Teaching Argument Through Debate and Romeo & Juliet


GCTE was a blast! I am always glad I attend and present. I particularly enjoyed presenting with my buddy, Taylor Cross at Decatur High School. I met some really great teachers from all over the state again, and got some great takeaways that I’ll share later. Today’s post is really about combining argument with difficult literature. I’ll preface that I teach on an 85 minutes block and that my students are considered honors/gifted. Still, I was really excited to see how my recent lesson evolved and was taken up by my students. I’ll share some ways I’ll tweak it for the future too.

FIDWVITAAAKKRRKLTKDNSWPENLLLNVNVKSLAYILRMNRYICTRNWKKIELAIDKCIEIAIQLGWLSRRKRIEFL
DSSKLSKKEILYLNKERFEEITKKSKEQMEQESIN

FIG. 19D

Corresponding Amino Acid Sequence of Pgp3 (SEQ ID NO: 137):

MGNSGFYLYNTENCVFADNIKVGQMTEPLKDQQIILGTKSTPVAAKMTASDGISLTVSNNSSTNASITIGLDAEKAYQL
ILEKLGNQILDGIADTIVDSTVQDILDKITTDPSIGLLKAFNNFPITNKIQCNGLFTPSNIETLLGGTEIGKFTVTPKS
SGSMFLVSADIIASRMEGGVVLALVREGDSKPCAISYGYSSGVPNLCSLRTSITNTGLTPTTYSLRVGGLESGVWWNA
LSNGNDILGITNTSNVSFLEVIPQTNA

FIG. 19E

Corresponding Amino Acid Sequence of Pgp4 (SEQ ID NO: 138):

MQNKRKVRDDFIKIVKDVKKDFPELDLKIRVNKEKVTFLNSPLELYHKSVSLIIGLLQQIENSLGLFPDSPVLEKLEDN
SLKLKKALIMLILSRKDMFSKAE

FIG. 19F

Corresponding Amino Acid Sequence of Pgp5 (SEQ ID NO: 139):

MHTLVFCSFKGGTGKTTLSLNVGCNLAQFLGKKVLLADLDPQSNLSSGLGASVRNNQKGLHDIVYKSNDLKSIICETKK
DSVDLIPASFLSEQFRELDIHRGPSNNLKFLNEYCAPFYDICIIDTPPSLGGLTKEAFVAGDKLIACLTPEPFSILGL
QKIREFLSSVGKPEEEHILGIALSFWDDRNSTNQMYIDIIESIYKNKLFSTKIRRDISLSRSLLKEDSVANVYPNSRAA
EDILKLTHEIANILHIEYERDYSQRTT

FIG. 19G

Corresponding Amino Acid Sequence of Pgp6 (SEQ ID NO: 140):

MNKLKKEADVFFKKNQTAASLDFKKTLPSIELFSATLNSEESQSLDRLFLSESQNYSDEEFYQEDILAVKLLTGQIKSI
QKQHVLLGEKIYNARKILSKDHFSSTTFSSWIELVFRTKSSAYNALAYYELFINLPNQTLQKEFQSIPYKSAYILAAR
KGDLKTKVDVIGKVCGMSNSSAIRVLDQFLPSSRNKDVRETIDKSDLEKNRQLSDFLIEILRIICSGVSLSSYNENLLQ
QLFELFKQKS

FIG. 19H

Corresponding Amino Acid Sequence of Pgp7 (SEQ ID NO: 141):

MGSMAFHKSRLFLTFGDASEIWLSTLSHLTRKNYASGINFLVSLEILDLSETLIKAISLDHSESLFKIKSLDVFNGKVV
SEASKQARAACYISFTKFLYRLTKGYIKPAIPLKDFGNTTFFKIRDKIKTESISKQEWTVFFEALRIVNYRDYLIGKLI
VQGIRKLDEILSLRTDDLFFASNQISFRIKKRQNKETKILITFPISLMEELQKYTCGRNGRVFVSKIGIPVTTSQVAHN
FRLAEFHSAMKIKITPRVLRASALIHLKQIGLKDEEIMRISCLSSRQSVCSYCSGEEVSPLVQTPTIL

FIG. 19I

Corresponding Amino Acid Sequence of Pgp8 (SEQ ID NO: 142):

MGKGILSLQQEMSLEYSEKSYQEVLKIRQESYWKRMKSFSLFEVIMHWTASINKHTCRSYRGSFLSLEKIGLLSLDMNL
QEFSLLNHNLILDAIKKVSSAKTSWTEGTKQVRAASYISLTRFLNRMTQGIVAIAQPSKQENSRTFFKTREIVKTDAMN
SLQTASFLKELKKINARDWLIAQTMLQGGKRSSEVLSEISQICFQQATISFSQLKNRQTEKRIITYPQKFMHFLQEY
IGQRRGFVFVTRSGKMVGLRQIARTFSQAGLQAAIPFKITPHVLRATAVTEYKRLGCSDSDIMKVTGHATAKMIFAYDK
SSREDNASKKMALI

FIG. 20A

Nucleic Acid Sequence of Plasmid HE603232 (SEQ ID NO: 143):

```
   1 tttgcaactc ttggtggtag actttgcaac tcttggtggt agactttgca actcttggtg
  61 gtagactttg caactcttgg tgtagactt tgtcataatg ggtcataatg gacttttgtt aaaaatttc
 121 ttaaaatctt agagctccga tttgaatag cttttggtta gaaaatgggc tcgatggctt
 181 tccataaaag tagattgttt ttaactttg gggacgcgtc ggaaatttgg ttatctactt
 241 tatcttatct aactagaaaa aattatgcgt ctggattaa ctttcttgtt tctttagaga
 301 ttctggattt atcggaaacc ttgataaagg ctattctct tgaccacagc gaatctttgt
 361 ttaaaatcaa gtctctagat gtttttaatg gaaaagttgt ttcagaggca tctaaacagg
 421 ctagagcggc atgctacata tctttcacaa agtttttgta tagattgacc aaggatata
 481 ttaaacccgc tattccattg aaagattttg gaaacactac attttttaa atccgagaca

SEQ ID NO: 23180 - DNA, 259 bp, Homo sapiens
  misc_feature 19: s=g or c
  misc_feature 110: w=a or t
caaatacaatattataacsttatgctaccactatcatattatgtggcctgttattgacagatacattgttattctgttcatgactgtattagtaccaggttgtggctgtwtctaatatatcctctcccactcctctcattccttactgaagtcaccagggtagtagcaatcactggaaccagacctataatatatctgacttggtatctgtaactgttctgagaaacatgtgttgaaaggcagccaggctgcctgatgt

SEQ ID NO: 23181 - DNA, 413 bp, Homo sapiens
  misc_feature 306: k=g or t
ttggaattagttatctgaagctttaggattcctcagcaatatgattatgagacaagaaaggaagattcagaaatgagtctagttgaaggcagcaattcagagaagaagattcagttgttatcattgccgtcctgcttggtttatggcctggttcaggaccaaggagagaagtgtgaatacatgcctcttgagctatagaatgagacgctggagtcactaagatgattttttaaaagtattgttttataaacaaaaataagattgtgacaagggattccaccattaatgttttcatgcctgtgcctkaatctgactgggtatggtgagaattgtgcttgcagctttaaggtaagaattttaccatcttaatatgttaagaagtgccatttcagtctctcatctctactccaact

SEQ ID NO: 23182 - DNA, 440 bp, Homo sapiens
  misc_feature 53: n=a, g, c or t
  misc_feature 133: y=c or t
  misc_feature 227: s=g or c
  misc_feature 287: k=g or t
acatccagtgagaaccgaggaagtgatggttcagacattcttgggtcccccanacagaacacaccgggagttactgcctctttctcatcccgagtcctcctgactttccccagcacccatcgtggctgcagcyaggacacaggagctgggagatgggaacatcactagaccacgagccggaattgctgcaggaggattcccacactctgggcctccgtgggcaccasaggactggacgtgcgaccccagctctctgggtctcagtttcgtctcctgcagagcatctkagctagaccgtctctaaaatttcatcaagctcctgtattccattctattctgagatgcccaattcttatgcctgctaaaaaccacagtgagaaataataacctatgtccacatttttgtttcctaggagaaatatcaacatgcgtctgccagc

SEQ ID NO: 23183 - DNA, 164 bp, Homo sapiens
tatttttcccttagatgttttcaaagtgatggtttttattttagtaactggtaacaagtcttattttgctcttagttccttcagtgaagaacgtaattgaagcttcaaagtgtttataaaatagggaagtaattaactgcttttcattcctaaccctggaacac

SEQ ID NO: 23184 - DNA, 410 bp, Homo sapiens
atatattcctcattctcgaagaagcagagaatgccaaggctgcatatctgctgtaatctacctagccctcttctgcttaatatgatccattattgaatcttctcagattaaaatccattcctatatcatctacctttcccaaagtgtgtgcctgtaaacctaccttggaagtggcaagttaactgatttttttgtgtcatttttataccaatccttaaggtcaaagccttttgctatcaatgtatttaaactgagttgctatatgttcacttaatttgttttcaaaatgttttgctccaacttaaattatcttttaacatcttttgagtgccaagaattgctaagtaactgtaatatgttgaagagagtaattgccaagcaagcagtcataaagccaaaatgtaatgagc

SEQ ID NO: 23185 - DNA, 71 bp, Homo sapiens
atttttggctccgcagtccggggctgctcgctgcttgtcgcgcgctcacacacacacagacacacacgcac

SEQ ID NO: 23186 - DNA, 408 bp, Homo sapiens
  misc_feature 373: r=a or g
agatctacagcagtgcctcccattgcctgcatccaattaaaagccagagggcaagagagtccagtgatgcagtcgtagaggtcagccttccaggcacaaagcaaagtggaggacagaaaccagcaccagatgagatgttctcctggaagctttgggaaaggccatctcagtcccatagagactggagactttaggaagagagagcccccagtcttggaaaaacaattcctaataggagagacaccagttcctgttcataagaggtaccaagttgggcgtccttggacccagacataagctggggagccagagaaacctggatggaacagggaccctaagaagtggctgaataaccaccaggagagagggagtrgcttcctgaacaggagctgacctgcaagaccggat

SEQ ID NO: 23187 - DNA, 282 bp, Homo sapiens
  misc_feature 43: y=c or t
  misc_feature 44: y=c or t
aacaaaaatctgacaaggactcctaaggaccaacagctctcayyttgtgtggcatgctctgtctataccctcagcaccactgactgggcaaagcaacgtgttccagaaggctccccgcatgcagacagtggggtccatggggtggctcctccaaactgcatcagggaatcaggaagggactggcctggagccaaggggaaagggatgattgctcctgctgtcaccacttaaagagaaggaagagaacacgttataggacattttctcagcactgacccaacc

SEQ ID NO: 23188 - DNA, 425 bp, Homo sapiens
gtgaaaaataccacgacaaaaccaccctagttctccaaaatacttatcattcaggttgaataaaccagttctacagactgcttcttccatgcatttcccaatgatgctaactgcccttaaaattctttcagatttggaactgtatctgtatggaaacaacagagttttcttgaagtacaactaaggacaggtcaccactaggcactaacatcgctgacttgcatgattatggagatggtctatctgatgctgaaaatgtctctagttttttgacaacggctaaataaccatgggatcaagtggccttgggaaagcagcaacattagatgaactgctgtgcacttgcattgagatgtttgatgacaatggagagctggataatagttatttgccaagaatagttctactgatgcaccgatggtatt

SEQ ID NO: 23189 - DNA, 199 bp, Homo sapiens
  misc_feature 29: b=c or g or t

Typically, I have taught argument in the sphere of non-fiction and as it’s own unit with the occasional sprinkling in other units. Being in the midst of teaching William Shakespeare’s Romeo & Juliet, also typically means I’m not really in argumentation mode. I found myself wanting to be more creative with how I workshop the play with my students, and I found myself particularly excited about the prospect of teaching elements of debate (to introduce argument) in conjunction with the many conflicts we see evolve in Shakespeare’s work. The inspiration hit while pondering how I wanted students to wrestle with the fallout of Act III, sc i of the play, which (spoiler alert) changes the focus of the play when both Mercutio and Tybalt are killed. In the following two scenes, Shakespeare invites us to witness how the two star-crossed lovers deal with the news of these tragic events and their consequences. For anyone unfamiliar, many would agree Juliet handles the news the best with some resolve and maturity, while Romeo–well–let’s just say dude totally foreshadows his own death.